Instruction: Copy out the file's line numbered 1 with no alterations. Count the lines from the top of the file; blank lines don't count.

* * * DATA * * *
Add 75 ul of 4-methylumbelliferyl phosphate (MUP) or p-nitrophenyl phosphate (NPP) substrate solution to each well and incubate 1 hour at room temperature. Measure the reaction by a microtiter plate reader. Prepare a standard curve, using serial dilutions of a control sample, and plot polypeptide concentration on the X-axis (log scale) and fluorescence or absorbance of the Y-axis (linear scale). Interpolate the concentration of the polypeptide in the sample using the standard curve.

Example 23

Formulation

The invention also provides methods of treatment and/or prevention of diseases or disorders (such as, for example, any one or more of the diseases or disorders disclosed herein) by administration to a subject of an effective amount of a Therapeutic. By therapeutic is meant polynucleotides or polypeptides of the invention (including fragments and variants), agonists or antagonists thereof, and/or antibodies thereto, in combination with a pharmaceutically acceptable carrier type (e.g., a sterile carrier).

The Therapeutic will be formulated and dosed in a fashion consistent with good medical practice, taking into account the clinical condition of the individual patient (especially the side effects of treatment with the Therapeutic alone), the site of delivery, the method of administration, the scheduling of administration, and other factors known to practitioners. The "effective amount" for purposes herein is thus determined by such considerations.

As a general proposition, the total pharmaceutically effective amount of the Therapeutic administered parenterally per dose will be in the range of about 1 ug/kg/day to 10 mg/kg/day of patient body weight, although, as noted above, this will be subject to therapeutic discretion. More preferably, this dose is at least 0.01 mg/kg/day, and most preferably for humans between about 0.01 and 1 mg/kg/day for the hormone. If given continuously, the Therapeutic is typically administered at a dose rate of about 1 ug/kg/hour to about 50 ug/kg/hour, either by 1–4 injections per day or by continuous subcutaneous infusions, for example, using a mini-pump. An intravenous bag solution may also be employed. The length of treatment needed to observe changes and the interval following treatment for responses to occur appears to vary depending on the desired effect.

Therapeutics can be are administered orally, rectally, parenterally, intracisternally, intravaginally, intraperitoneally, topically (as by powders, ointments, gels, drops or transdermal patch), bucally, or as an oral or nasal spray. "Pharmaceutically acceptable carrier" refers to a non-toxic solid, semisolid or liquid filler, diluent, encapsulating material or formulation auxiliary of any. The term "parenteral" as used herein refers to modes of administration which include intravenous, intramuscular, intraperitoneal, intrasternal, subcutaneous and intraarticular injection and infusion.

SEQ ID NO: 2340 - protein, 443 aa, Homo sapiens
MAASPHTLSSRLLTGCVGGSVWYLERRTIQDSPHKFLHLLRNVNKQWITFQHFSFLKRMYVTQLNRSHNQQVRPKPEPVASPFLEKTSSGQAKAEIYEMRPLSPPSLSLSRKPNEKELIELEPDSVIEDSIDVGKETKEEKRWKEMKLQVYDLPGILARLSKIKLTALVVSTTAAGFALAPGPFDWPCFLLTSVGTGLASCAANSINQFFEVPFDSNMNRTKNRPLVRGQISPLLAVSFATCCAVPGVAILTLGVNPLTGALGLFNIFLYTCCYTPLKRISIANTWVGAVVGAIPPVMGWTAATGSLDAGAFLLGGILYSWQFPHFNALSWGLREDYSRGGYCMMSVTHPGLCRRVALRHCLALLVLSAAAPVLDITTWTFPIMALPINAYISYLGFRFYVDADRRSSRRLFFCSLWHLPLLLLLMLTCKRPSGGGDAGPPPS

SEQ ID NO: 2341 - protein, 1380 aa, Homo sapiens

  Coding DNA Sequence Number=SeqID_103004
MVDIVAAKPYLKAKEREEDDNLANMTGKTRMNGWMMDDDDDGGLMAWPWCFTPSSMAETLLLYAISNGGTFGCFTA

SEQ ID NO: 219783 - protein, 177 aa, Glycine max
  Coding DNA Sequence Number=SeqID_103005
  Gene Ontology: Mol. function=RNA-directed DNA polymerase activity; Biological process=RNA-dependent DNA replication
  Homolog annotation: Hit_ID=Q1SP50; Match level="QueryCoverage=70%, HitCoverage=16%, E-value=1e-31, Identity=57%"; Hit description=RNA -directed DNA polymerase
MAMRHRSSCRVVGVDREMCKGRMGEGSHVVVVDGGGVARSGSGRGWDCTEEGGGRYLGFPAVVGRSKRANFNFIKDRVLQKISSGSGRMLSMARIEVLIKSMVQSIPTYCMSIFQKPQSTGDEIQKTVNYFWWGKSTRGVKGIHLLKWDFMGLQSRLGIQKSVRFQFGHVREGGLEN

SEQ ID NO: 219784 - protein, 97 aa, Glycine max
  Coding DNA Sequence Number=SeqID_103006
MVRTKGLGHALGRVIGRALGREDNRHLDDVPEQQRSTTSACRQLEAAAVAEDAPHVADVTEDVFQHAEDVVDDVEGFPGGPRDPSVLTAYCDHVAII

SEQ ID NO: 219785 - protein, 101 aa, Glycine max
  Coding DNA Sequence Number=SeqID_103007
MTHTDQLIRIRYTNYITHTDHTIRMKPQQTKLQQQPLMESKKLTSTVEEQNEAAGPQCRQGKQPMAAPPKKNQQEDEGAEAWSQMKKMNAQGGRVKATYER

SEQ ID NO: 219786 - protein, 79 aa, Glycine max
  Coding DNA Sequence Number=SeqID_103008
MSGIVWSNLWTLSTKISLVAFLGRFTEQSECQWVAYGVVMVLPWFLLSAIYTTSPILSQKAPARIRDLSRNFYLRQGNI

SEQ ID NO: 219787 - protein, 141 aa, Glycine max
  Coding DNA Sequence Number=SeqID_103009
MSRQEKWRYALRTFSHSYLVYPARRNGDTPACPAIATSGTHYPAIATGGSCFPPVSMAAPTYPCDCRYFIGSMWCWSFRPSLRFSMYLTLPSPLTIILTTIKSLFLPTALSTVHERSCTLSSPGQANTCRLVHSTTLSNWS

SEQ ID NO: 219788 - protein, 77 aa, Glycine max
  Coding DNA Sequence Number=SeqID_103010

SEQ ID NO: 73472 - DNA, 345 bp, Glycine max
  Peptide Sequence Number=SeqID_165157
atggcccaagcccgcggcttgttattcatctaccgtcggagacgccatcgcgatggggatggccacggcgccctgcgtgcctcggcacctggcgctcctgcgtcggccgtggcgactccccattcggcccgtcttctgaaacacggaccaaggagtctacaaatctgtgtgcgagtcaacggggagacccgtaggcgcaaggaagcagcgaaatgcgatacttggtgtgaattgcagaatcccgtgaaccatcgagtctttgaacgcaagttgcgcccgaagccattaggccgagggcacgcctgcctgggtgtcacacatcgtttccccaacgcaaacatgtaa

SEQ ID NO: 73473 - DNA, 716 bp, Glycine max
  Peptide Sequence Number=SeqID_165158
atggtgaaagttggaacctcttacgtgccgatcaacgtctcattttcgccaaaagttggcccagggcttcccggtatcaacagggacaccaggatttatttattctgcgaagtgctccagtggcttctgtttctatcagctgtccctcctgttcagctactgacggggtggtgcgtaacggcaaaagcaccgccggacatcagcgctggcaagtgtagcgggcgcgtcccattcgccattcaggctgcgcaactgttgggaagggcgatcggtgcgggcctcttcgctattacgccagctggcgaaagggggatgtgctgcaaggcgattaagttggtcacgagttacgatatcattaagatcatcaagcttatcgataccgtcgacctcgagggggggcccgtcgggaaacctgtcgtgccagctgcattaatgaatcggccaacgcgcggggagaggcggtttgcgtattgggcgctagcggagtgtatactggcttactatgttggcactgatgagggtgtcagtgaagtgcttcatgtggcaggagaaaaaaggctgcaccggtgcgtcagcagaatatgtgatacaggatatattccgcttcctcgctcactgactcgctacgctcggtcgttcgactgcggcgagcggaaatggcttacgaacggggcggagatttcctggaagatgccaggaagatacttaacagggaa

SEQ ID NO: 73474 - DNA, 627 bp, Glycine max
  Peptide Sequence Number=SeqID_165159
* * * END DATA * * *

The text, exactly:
Add 75 ul of 4-methylumbelliferyl phosphate (MUP) or p-nitrophenyl phosphate (NPP) substrate solution to each well and incubate 1 hour at room temperature. Measure the reaction by a microtiter plate reader. Prepare a standard curve, using serial dilutions of a control sample, and plot polypeptide concentration on the X-axis (log scale) and fluorescence or absorbance of the Y-axis (linear scale). Interpolate the concentration of the polypeptide in the sample using the standard curve.